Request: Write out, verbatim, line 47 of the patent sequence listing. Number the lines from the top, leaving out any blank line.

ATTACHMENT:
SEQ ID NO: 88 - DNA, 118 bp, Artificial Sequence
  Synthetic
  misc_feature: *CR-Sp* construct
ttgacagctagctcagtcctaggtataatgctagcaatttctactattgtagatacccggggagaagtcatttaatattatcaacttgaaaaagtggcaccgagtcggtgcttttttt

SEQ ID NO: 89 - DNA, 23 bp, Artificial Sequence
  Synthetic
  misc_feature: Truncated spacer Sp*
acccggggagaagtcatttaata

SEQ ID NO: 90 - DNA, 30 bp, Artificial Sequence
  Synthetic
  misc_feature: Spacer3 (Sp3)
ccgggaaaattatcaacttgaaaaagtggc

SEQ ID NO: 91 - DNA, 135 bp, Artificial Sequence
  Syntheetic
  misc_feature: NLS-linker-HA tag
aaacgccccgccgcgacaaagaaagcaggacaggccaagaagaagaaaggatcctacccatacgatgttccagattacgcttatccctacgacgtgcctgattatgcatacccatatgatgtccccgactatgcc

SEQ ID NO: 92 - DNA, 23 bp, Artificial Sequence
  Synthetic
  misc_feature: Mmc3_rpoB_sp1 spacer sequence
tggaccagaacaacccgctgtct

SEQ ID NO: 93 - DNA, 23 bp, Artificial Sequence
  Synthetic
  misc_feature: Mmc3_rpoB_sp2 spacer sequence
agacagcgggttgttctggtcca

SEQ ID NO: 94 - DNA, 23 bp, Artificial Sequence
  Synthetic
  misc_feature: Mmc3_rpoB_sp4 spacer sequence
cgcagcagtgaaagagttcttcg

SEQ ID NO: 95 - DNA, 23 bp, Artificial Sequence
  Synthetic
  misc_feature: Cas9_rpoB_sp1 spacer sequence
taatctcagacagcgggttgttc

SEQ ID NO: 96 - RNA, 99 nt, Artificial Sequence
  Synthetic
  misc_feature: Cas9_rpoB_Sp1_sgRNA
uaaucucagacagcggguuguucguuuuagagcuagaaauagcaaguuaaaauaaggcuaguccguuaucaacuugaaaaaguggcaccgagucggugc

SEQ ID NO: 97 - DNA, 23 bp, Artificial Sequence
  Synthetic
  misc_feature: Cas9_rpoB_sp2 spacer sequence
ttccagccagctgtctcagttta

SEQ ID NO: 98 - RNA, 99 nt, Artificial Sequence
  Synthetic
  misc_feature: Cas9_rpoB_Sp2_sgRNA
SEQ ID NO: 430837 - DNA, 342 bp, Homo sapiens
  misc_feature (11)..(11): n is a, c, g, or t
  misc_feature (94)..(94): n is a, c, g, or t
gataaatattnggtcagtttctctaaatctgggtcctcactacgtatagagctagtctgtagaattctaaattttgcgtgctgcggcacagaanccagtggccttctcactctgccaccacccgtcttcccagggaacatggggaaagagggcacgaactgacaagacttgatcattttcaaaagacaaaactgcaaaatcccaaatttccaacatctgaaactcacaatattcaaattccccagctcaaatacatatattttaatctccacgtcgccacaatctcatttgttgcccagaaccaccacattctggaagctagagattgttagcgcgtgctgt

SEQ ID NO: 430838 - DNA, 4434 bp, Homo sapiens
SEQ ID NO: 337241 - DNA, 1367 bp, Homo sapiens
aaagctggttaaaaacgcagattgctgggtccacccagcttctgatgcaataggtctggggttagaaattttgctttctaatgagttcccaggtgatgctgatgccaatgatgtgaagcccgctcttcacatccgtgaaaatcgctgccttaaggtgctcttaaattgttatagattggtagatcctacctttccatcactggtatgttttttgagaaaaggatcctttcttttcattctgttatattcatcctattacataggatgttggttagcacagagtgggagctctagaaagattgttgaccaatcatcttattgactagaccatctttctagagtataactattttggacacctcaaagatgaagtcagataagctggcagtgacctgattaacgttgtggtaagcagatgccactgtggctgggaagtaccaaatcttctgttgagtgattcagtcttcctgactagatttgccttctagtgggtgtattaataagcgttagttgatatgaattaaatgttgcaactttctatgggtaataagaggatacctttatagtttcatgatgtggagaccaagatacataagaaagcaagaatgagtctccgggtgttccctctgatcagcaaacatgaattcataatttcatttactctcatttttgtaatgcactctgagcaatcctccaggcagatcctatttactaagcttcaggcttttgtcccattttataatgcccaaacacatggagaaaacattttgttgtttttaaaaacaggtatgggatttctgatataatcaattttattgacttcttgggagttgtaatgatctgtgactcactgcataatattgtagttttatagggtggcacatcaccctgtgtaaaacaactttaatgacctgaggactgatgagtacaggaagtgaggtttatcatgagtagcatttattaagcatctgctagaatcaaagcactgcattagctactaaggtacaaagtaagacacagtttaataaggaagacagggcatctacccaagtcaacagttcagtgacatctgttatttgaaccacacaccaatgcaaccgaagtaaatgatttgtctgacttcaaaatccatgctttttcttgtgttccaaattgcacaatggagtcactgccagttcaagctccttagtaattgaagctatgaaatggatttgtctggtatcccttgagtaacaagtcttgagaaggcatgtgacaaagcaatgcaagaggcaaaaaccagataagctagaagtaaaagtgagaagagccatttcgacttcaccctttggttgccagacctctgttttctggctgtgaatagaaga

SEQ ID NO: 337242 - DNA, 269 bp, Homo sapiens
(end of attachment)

gataaatattnggtcagtttctctaaatctgggtcctcactacgtatagagctagtctgtagaattctaaattttgcgtgctgcggcacagaanccagtggccttctcactctgccaccacccgtcttcccagggaacatggggaaagagggcacgaactgacaagacttgatcattttcaaaagacaaaactgcaaaatcccaaatttccaacatctgaaactcacaatattcaaattccccagctcaaatacatatattttaatctccacgtcgccacaatctcatttgttgcccagaaccaccacattctggaagctagagattgttagcgcgtgctgt